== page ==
The boom in wellness over the past decade has helped the fitness industry create a more inclusive atmosphere, but there’s still some way to go before it can be considered truly diverse. The sense of not belonging means that for some people the idea of feeling good in their bodies is more aspirational than achievable.
“Representation in wellness is massively important, and has a huge impact on whether people feel comfortable entering and using exercise spaces,” says Hannah Lewin, a London personal trainer who works with women but deliberately doesn’t focus on aesthetics. Lewin hears regularly from prospective clients who want to feel the benefits of exercise but are intimidated because they don’t conform to the images they see on Instagram, in the media and in advertising.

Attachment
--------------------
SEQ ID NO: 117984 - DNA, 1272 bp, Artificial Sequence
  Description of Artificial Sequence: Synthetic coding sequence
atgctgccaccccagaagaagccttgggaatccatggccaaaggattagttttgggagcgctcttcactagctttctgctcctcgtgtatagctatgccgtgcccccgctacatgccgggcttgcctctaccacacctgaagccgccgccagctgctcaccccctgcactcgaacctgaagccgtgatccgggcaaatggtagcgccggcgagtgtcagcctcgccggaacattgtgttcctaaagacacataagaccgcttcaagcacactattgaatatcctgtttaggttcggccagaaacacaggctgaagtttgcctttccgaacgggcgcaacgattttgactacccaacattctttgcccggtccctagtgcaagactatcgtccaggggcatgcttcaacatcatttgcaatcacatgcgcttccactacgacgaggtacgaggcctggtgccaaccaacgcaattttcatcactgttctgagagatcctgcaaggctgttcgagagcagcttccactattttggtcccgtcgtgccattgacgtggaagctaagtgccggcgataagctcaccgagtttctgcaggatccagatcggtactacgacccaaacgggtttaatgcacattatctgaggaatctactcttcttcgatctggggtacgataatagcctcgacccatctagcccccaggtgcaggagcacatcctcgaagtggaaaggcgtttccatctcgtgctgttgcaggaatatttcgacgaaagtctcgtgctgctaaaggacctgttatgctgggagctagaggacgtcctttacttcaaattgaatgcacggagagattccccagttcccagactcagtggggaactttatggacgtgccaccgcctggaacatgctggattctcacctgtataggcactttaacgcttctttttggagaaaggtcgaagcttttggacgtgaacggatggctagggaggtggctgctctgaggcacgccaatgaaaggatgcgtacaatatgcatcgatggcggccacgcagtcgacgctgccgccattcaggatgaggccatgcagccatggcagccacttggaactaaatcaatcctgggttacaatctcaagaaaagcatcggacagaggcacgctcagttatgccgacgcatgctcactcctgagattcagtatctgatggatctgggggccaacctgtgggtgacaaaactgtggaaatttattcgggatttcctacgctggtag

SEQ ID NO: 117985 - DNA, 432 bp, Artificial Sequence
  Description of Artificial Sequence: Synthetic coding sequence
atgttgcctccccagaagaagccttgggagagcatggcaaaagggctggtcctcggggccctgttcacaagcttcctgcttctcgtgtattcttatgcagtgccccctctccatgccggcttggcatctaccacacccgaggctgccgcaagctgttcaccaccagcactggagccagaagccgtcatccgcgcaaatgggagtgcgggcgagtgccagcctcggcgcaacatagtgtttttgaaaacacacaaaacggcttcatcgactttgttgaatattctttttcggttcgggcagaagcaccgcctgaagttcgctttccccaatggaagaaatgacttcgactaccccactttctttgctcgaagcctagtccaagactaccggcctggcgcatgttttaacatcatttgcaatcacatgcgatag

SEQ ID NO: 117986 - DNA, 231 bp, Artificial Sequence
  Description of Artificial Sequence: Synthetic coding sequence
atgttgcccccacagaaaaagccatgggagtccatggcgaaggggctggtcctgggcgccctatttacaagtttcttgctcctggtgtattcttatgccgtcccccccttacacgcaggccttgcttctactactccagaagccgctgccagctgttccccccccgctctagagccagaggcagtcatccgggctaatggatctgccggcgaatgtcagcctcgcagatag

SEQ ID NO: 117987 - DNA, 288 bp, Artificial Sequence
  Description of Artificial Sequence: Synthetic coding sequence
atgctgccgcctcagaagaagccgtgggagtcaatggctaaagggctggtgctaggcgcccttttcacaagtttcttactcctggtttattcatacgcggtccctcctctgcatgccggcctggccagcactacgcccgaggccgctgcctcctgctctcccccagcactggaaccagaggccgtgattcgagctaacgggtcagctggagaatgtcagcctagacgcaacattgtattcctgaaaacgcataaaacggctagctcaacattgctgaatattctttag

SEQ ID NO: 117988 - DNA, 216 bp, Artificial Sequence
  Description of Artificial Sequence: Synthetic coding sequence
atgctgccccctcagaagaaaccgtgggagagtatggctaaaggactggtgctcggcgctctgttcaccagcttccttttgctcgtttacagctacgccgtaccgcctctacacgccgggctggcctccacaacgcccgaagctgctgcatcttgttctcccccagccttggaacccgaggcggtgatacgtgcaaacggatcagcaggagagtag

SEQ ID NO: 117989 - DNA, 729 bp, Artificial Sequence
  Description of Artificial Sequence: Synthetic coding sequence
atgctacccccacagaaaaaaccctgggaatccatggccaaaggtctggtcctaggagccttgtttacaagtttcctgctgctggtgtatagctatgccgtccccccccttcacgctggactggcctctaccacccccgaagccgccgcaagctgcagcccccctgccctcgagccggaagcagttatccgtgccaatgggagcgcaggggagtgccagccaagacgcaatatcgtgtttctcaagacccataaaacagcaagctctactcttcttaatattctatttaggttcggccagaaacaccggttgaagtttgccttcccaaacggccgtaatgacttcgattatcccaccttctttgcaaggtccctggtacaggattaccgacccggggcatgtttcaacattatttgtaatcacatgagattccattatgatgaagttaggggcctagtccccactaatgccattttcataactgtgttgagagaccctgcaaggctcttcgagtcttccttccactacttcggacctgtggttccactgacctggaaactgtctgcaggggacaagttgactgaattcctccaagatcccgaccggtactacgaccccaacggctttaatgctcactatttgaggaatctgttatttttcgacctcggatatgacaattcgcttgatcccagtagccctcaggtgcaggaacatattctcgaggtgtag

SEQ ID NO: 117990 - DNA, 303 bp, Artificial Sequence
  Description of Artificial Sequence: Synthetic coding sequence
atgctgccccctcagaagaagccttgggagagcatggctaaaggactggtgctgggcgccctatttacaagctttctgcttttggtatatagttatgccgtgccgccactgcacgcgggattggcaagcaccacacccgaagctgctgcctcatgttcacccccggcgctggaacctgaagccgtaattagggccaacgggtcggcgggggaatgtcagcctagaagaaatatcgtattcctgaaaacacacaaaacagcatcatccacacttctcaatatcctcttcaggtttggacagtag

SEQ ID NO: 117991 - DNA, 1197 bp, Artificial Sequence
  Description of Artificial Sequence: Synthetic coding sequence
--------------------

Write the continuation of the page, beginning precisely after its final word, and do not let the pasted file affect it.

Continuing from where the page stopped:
“Health and fitness is for all bodies, ages and ethnicities – it’s vital that we push against cliches. I have seen some fantastic fitness improvements among my clients when they are made to feel welcome and valid rather than intimidated and belittled,” she says.
Despite being part of the problem, platforms such as Instagram have provided a space and an audience for individuals keen to make fitness a truly inclusive industry. Here, five trailblazers talk about what they’re doing to help break down barriers.
Influencer and fitness coach @sophjbutler
When Sophie Butler was 21, she had an accident in the gym that left her paralysed from the waist down. “Everything changed in that moment,” she says. “I went from being an able-bodied gym goer to someone whose place in exercise spaces became more like a political statement.”
Fed up with a lack of representation of disabled bodies within the industry, Butler decided to fill the gap herself – and create content for people like her who wanted to exercise but didn’t feel it was for people like them. “I didn’t set out to be an influencer,” she says. “But after my injury I remember a distinct moment when I broke down in the hospital as I was scrolling through my Instagram feed looking at the accounts of people I no longer related to — it was a painful reminder of what I’d lost and that I no longer fitted in.”